The federal government is providing $1.6 million in funding to help victims of crime in New Brunswick.
The funding, announced Friday, will help develop programs that help under-served victims of crime in the province.
New Brunswick's Justice Minister and Attorney General said the federal funding will allow the province to set up programs that help those most affected by crime.
Marie-Claude Blais said that means getting to the heart of the problem.
"We don't talk a lot about the fact that a lot of people that are in front of the courts have been victims themselves, so to help them, to help parents whose children have been victims, [it's] to help adults that are in prison right now who themselves have been victimized," Blais said.
The federal funding will be used to set up a program for aboriginal victims, develop support groups for adult male survivors of childhood sexual abuse and establish support groups for parents of sexually abused children.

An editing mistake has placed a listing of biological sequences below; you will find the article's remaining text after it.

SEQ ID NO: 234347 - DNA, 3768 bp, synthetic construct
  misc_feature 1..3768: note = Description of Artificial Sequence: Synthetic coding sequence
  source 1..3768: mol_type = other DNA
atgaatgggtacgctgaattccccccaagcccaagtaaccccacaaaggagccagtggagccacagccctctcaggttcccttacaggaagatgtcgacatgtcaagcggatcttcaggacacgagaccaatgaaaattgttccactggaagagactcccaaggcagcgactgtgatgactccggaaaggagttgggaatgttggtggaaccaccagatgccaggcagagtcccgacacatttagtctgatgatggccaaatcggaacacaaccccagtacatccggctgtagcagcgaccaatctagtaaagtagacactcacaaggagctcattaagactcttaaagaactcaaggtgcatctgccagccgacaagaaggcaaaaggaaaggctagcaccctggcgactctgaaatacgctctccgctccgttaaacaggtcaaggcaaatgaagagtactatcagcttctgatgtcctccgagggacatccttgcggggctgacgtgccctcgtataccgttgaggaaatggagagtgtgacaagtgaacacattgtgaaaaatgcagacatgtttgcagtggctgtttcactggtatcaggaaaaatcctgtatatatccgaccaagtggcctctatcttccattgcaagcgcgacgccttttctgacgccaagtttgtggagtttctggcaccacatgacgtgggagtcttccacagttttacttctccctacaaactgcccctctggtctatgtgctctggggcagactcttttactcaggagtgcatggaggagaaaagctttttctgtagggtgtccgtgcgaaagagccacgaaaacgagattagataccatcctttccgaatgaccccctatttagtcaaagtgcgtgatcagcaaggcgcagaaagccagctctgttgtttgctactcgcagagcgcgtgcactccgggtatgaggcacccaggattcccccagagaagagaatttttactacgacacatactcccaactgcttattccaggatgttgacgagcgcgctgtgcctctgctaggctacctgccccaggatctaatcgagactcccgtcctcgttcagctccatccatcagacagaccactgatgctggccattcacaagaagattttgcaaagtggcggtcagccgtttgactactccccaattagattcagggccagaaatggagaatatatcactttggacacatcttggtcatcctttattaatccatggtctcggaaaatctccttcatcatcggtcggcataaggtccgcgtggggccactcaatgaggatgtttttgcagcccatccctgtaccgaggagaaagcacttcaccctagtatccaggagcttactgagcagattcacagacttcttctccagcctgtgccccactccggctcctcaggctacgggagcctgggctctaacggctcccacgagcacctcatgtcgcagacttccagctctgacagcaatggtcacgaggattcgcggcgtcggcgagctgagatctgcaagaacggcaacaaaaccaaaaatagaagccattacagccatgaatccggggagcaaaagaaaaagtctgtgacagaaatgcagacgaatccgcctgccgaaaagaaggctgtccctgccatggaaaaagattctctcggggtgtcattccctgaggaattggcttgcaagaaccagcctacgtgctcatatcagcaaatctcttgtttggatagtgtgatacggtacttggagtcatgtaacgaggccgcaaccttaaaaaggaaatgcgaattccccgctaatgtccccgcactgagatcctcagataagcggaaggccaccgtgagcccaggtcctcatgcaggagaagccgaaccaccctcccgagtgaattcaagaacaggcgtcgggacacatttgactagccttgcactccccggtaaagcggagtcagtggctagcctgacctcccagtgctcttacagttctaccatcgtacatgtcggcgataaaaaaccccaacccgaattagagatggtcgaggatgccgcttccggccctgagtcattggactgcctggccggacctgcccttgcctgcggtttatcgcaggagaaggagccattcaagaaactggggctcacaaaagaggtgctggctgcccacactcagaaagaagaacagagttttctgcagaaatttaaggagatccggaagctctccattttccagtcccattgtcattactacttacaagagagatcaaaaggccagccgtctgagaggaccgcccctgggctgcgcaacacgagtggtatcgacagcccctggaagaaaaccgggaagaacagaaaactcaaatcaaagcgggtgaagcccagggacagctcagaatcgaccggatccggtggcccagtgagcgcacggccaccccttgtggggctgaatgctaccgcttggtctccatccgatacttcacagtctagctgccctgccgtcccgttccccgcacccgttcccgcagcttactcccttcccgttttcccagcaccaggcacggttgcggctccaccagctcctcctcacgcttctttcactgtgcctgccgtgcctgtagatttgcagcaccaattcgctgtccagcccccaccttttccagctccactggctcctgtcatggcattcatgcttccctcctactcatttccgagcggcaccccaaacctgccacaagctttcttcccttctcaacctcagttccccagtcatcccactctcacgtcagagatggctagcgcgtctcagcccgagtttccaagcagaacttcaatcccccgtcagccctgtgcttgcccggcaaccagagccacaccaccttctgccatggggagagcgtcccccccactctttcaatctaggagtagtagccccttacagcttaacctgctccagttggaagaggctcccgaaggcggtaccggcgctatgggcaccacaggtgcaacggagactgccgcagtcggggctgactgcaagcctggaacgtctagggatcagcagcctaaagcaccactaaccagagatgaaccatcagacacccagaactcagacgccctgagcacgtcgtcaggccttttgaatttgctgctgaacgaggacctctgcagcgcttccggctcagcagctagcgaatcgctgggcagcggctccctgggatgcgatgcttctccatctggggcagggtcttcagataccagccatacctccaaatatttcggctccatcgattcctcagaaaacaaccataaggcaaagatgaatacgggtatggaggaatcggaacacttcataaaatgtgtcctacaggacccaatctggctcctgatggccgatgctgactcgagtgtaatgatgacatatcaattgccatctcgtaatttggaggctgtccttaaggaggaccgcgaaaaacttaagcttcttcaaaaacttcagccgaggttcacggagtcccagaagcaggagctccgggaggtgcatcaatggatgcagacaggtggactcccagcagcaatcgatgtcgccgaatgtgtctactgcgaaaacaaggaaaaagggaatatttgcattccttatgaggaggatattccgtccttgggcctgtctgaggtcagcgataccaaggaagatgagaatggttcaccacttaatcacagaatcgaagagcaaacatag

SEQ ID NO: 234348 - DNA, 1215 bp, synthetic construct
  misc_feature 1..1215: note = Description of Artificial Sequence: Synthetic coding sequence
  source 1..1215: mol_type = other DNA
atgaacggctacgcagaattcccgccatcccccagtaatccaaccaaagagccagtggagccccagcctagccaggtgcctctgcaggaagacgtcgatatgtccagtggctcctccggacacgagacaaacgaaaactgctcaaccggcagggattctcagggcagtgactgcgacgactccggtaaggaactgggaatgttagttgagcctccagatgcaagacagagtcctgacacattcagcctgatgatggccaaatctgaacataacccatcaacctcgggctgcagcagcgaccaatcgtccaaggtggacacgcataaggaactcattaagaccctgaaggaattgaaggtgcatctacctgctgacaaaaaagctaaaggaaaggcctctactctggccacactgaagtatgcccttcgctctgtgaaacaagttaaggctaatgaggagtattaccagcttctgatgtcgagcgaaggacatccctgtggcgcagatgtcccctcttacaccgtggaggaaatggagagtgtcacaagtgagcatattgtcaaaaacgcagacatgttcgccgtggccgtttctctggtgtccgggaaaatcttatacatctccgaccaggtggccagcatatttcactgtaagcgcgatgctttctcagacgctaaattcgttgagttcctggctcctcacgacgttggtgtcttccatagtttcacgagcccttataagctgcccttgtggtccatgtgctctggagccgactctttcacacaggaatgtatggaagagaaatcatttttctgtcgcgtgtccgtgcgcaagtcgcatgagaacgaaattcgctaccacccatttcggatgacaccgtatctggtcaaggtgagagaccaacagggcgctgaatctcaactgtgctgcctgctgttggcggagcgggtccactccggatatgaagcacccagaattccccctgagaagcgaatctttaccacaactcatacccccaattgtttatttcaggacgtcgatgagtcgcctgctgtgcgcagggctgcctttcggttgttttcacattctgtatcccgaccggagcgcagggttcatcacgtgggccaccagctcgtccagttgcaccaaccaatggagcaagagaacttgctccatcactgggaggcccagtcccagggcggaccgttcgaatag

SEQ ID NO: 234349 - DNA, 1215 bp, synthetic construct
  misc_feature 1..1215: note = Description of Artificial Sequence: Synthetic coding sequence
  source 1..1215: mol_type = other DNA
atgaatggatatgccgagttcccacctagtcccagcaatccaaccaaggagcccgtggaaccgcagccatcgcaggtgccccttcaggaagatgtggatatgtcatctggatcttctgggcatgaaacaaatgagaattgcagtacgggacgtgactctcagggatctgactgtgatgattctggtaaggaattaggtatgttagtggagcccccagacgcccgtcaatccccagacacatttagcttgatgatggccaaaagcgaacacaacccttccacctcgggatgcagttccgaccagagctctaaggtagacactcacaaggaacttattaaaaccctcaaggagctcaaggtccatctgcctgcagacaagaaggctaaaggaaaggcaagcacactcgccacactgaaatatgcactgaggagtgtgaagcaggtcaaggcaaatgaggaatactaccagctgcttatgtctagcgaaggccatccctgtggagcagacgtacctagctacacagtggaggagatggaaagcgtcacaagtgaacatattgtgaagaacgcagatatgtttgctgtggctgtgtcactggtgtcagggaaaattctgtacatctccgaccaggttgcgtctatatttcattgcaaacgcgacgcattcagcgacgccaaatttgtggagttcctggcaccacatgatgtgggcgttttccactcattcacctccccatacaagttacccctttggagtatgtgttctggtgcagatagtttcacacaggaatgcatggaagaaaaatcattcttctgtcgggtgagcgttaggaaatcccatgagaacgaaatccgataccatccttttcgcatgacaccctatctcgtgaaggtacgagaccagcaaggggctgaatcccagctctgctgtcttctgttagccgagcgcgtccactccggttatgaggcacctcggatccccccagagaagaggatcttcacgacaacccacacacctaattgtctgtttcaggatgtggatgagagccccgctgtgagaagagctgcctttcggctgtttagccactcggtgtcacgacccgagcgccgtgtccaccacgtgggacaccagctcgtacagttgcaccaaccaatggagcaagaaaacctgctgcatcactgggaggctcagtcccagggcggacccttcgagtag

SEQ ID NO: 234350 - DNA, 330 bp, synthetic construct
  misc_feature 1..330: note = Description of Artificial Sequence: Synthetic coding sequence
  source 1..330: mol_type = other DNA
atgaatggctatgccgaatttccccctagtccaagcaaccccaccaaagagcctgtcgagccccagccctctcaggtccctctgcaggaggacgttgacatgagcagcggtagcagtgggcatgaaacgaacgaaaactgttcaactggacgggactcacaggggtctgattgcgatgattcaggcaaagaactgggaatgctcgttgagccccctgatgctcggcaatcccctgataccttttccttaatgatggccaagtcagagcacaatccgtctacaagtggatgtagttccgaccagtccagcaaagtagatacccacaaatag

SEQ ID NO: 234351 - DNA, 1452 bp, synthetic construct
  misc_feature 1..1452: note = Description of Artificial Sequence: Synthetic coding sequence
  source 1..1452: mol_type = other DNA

Some of those services will include:
Establishing culturally-appropriate services for Aboriginal victims in four different regions.
Developing English and French support groups for adult male survivors of childhood sexual abuse who have come to the attention of the criminal justice system as adults.
Establishing support groups for non-offending parents of children who have been sexually abused, to help parents cope and help their children heal.
It's part of the on-going commitment we've had to integrate victims of crime, give them a voice in society, it's not only about the accused obviously they're the people who bear the life sentence for what's been done to them," said Robert Goguen, MP for Moncton-Riverview-Dieppe.
Some of the funding will be used to upgrade technology and improve public information for victims of crime.
The money will be paid out over the next four years.